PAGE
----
September 18 2014 Latest news:
Saturday, April 19, 2014
On a bright spring morning, the white blossom of several hundred morello cherry trees is a pretty spectacular sight at the 850-acre farm in Tiptree that makes up part of the world famour jam making business Wilkin & Sons.
And soon rich cherries will hang there, waiting to be harvested and turned into
Joint managing director Walter Scott has been with the company for nearly 30 years.
He said: “This is a very special place to work and it was like joining a family when I came here, the challenge today is to get that across to the younger generation.”
The firm may have celebrated its 125th anniversary with a visit from the Queen but it is firmly focused on the future.
Walter said: “We are planning a new factory just down the road from where we are now. It is almost as if we have come back into fashion.
“Jam and marmalades have been in slow decline for years but our sales are increasing and I think there is a revival in demand for food with provenance. People want to know where their food comes from.”
And in the case of Wilkin and Sons, much of the factory’s raw materials are grown on the adjoining farm.
Walter said the new factory represents an investment of around £25million - a significant vote of confidence in the future.
He added: “To my surprise we are no longer a small and medium enterprise, we turnover around £30million a year and we employ 300 staff – that doubles in the fruit picking season in June, July and August.”
Alongside a wide selection of jams and marmalades, the company has more than 100 different products including sauces, mustards, honeys, Christmas puddings, jellies and chutneys. It has also benefited from acquisitions including Thursday Cottage, a west country-based firm which was bought in 2003. They have recently introduced some new fruit juice products as well.
As well as the factory the firm owns farmland, property, five tea rooms, a museum and visitors centre and a growing online retail arm.
The company is owned by an employee benefit trust which is similar to the John Lewis partnership whereby employees are also shareholders.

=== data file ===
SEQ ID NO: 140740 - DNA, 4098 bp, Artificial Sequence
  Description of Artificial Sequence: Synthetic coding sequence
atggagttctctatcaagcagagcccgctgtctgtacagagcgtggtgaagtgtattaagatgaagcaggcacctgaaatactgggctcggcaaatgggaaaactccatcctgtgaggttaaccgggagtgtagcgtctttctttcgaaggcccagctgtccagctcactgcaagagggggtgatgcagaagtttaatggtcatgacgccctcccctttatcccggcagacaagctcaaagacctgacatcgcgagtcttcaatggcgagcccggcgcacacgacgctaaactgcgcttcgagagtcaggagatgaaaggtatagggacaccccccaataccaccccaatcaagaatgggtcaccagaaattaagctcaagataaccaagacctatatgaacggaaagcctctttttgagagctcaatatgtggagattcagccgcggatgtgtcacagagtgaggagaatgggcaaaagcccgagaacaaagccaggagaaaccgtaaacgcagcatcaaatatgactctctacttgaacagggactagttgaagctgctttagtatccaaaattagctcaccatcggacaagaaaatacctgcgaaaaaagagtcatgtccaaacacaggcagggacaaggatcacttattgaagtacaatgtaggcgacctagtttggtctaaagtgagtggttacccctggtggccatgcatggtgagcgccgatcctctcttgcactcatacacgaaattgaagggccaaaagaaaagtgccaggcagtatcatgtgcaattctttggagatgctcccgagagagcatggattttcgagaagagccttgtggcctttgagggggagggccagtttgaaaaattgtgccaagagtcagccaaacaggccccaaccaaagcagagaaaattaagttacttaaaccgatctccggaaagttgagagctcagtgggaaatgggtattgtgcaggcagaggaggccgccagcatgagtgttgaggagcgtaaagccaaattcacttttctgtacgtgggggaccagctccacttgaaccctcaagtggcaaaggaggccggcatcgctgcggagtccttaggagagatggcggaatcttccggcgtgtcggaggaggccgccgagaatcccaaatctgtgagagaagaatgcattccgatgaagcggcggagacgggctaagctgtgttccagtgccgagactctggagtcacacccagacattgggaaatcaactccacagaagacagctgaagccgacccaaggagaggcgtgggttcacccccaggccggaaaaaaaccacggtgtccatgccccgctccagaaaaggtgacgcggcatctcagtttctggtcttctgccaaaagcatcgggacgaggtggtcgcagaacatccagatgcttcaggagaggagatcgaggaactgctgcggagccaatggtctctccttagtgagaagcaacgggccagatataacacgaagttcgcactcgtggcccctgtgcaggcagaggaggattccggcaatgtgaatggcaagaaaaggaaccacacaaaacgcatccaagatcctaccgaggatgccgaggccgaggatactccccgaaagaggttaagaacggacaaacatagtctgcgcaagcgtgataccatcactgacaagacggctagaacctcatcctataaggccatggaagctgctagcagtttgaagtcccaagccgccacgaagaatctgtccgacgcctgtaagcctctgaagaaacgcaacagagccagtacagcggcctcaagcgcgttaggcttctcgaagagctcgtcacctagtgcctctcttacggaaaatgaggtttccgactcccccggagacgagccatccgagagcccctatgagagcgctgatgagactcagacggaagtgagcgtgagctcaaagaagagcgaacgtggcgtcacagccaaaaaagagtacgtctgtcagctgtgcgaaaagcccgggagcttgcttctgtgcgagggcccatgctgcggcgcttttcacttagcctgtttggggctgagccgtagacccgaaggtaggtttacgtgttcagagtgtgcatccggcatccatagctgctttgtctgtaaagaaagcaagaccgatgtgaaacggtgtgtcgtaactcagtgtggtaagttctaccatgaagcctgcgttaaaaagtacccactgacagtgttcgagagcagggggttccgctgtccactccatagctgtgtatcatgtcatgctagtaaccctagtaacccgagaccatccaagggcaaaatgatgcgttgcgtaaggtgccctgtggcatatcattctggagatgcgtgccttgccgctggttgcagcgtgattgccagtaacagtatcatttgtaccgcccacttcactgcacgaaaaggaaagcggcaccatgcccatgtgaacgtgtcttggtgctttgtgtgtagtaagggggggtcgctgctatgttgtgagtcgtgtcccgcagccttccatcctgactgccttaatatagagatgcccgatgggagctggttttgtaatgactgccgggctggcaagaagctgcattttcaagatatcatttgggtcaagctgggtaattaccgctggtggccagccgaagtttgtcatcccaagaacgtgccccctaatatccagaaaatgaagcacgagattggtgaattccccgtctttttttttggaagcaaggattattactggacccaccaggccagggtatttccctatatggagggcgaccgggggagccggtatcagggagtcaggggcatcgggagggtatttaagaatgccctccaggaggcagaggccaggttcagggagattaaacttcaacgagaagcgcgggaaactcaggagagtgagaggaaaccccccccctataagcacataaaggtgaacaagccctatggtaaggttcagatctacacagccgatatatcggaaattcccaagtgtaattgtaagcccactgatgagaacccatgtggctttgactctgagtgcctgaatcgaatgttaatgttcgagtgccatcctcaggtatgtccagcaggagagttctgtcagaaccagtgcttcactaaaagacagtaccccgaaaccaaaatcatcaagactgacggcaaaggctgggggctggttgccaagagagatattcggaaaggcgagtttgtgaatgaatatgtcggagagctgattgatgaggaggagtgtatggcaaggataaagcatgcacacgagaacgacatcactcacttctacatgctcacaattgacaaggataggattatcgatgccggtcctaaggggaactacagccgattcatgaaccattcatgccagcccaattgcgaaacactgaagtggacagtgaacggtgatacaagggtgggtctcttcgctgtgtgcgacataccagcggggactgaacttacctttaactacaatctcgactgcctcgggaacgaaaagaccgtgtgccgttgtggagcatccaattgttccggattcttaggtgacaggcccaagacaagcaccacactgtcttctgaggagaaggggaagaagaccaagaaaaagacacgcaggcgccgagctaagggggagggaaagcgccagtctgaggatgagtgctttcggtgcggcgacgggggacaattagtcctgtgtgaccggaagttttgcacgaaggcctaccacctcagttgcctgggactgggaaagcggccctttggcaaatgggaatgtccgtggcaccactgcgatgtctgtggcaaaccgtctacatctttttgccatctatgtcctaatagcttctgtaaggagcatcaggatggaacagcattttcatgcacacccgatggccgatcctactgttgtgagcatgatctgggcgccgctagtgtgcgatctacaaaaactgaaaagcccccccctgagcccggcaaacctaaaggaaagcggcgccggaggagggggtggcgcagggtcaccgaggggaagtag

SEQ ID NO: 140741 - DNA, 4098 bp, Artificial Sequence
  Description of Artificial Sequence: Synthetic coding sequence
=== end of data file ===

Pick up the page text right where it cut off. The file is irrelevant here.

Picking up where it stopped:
It means the firm can’t be bought by a multi-national without full agreement from the employees. The company also benefits from being able to take a long-term view,
Walter said: “A lot of companies can only plan in the short term because of shareholder demands etc. We are not beholden to anyone else and we don’t do things short term. We plan for 30 years in advance. In the future we are hoping to open more tea rooms and develop our online business.”
Walter said the company exports to more than 60 countries.
He added: “The USA is still our strongest export market but we are also exporting to China through Hong Kong. We first started exporting to Australia 128 years ago so it is not something new for us.”
The miniature jams and marmalades made by the firm can be found in hotels, airlines, and cruise ships across the globe.
Walter, a food scientist by training, came to Tiptree as factory manager in 1985. He became joint managing director, after a stint as production director, in 2008.
As we don hairnets and white coats and move into the production area there is a strong smell of citrus. They are making lime marmalade with limes from Brazil.
Walter said: “In January we get the oranges in from Seville and make marmalade until the soft fruit season starts in May.”
With many jobs still done in the factory by hand, the process can be labour intensive.
Modern technology means that 400 jars a minute can be filled and the modern markets means there are labels in a wide variety of different languages but
the basic process of jam making hasn’t changed much since the Wilkin family first started in the 1880s: